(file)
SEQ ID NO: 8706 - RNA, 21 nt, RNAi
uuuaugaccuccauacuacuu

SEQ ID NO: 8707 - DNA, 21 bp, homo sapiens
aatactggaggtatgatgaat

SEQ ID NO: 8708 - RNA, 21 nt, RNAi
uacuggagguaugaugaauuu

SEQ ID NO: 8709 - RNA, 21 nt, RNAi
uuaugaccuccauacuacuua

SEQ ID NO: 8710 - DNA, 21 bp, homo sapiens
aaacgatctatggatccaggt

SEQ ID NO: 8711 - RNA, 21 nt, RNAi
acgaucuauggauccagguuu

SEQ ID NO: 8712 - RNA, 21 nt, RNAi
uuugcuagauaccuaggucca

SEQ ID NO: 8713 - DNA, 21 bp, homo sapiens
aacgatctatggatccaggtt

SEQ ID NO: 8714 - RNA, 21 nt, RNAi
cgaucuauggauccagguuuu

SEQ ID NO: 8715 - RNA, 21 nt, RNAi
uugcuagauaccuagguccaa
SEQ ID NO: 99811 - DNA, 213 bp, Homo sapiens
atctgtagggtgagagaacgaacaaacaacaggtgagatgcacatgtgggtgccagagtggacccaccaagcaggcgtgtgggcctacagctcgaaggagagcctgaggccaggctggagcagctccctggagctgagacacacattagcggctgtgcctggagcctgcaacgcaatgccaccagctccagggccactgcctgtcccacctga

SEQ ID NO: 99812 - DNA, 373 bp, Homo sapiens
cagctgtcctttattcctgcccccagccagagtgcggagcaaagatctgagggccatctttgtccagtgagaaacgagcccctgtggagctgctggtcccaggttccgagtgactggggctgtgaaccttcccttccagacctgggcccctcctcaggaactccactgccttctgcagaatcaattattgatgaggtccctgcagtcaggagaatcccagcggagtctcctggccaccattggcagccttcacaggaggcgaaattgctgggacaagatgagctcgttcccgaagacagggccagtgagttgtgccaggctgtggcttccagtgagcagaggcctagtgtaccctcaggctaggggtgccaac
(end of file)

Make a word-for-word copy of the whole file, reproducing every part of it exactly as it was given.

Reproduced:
SEQ ID NO: 8706 - RNA, 21 nt, RNAi
uuuaugaccuccauacuacuu

SEQ ID NO: 8707 - DNA, 21 bp, homo sapiens
aatactggaggtatgatgaat

SEQ ID NO: 8708 - RNA, 21 nt, RNAi
uacuggagguaugaugaauuu

SEQ ID NO: 8709 - RNA, 21 nt, RNAi
uuaugaccuccauacuacuua

SEQ ID NO: 8710 - DNA, 21 bp, homo sapiens
aaacgatctatggatccaggt

SEQ ID NO: 8711 - RNA, 21 nt, RNAi
acgaucuauggauccagguuu

SEQ ID NO: 8712 - RNA, 21 nt, RNAi
uuugcuagauaccuaggucca

SEQ ID NO: 8713 - DNA, 21 bp, homo sapiens
aacgatctatggatccaggtt

SEQ ID NO: 8714 - RNA, 21 nt, RNAi
cgaucuauggauccagguuuu

SEQ ID NO: 8715 - RNA, 21 nt, RNAi
uugcuagauaccuagguccaa
SEQ ID NO: 99811 - DNA, 213 bp, Homo sapiens
atctgtagggtgagagaacgaacaaacaacaggtgagatgcacatgtgggtgccagagtggacccaccaagcaggcgtgtgggcctacagctcgaaggagagcctgaggccaggctggagcagctccctggagctgagacacacattagcggctgtgcctggagcctgcaacgcaatgccaccagctccagggccactgcctgtcccacctga

SEQ ID NO: 99812 - DNA, 373 bp, Homo sapiens
cagctgtcctttattcctgcccccagccagagtgcggagcaaagatctgagggccatctttgtccagtgagaaacgagcccctgtggagctgctggtcccaggttccgagtgactggggctgtgaaccttcccttccagacctgggcccctcctcaggaactccactgccttctgcagaatcaattattgatgaggtccctgcagtcaggagaatcccagcggagtctcctggccaccattggcagccttcacaggaggcgaaattgctgggacaagatgagctcgttcccgaagacagggccagtgagttgtgccaggctgtggcttccagtgagcagaggcctagtgtaccctcaggctaggggtgccaac